Roy Jenkins, Franklin Delano Roosevelt, provides a brief overlook of Roosevelt’s life. As a foreigner, Jenkins is able to view Franklin’s accomplishments and failures from a rational view point. Franklin Delano Roosevelt, also known as FDR, was the thirty-second president of the United States, and the only one to be elected more than twice. Even though he entered the presidency during an economic crisis, Roosevelt made a huge on the United States.
Jenkins begins the biography with some of the Roosevelt family history. The family split into two different branches: Oyster Bay Roosevelts and Hyde Park Roosevelts. Both braches had different political view points. The Oyster Bay Roosevelts were Republicans while the Hyde Park Roosevelts were Democrats.
Franklin Delano Roosevelt also informs the reader on FDR’s marriage to Eleanor Roosevelt, his fifth cousin. At first Franklin and Eleanor had a strong friendship before Franklin showed a romantic interest in her. They kept their engagement a secret for a year because they did not want his mother, Sara Roosevelt, to find out. Sara was jealous of having to share Franklin and when her husband died, she became an obsessive mother. Despite their differences, FDR was determinedly taken with Eleanor. Eleanor would go away for long summers to Campobello or Hyde Park. She was there when the first polio epidemic and FDR dissuaded her from bringing any likely infection. It is assumed that this is probably the summer than Franklin began his infatuation with Lucy Mercer, his wife’s part-time social secretary. Even though FDR was young, his health was not very good. During multiple illnesses, such as typhoid fever, sinus trouble, and influenza, Eleanor would come back from Campobello and take care of him. One of the instances, she was home to take care of him because he had pneumonia when she found letters from Lucy Mercer. Although divorce was discussed between the two, it was rejected because they both agreed it would be a bad idea politically. Their marriage continued but instead of a romantic relationship it became a powerful political partnership.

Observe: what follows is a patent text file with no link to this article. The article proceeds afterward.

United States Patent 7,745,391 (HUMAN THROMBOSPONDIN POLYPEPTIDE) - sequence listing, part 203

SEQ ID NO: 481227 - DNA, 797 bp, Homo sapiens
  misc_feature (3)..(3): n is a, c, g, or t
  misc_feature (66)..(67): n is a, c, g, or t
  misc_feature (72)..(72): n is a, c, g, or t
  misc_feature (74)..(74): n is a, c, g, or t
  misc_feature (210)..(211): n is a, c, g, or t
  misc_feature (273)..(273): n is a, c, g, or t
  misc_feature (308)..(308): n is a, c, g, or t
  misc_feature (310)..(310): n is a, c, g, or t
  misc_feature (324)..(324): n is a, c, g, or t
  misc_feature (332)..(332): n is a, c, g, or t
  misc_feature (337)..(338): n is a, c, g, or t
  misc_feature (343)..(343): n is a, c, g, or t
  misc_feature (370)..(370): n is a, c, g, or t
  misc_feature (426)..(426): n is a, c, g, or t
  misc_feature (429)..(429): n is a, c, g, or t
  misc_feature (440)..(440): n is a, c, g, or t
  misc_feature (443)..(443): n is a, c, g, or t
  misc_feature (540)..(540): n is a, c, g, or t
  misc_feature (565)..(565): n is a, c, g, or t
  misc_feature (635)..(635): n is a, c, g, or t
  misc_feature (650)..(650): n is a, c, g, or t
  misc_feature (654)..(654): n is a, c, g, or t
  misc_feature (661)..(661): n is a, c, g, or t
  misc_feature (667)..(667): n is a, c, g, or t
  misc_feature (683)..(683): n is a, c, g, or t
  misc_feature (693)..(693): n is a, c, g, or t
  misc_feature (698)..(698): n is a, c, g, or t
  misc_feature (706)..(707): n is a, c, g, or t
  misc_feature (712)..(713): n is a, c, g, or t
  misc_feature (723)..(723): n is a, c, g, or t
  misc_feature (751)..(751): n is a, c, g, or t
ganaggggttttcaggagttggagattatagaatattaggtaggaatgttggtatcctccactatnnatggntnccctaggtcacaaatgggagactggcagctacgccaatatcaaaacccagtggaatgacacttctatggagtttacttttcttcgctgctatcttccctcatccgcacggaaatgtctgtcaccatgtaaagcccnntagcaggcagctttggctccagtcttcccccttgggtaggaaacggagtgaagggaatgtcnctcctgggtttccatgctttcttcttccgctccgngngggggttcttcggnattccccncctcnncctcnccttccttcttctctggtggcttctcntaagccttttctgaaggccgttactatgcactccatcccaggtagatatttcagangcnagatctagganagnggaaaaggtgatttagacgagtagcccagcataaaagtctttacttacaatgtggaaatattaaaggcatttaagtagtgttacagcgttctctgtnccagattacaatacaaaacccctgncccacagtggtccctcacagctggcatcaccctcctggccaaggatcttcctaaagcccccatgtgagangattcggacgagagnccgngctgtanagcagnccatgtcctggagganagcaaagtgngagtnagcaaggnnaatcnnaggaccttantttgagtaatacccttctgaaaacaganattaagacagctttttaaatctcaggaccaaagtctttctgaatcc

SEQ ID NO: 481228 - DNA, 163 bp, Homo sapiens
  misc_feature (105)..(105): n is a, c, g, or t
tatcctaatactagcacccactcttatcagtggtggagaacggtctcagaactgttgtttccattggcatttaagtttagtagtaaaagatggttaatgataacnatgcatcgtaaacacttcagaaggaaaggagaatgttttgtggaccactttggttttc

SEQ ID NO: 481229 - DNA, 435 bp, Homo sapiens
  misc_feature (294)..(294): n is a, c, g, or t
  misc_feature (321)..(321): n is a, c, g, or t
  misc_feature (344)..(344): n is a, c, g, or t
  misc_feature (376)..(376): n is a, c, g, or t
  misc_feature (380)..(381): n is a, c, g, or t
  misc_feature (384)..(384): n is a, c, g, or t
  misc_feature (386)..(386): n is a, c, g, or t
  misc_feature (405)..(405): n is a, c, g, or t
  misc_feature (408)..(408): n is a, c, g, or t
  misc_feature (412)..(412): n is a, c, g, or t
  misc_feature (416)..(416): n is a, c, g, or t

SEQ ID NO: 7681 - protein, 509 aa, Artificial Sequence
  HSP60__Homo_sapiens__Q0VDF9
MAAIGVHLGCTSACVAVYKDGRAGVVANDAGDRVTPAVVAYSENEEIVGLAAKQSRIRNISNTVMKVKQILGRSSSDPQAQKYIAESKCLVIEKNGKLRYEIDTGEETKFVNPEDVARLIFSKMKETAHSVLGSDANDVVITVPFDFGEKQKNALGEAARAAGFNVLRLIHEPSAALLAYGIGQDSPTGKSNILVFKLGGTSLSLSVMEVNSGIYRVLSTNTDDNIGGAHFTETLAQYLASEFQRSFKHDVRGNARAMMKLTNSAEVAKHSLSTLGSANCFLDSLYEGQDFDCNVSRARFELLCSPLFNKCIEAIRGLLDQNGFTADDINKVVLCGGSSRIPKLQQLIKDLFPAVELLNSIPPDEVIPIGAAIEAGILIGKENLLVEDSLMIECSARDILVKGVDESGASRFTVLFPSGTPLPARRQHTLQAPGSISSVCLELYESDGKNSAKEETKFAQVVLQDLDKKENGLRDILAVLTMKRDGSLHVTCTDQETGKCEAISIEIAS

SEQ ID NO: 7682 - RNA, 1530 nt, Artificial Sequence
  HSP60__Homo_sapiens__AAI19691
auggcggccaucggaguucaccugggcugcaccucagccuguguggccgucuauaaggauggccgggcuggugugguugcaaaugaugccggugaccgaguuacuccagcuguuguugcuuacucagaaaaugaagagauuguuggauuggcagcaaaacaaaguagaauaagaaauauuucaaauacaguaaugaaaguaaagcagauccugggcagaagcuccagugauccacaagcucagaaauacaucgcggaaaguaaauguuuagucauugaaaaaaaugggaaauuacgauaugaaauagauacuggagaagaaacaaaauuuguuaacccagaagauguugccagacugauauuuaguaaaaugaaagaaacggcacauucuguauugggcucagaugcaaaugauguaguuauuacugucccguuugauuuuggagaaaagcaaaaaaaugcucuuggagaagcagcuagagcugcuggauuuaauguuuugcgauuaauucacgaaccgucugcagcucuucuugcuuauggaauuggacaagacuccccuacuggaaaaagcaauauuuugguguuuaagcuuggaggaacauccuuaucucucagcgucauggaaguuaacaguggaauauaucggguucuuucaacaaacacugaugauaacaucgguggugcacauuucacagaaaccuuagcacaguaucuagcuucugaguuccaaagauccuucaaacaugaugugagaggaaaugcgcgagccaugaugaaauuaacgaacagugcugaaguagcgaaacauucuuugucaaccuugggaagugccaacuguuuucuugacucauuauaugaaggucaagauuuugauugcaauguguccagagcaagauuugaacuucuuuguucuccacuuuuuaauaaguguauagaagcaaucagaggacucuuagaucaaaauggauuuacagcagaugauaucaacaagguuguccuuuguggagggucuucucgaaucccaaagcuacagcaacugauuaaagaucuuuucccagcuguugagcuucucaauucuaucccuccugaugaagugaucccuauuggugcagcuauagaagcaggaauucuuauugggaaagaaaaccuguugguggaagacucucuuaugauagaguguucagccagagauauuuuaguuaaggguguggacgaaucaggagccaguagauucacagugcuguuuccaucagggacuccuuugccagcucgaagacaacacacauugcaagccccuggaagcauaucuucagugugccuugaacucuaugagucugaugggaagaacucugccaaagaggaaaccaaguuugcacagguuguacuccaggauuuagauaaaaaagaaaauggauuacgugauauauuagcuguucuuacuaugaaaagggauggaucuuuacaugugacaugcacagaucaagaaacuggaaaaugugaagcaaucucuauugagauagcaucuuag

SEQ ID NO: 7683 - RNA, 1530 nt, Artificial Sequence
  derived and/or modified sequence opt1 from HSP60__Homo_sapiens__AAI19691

Roosevelt had not only won the presidency but had also scored strong Democratic majorities in both houses. Congress was frightened by fear of the collapse of the American economy, and thus not disposed to resist the demands of a newly elected president who showed any route of recovery. In effort to saving the nation’s financial system, FDR closed all the national banks, which was named, “bank holiday.” An Emergency Banking Bill was quickly passed through the House and Senate in one day without even a printed copy. The Republican minority leader in the House explained their compliance by...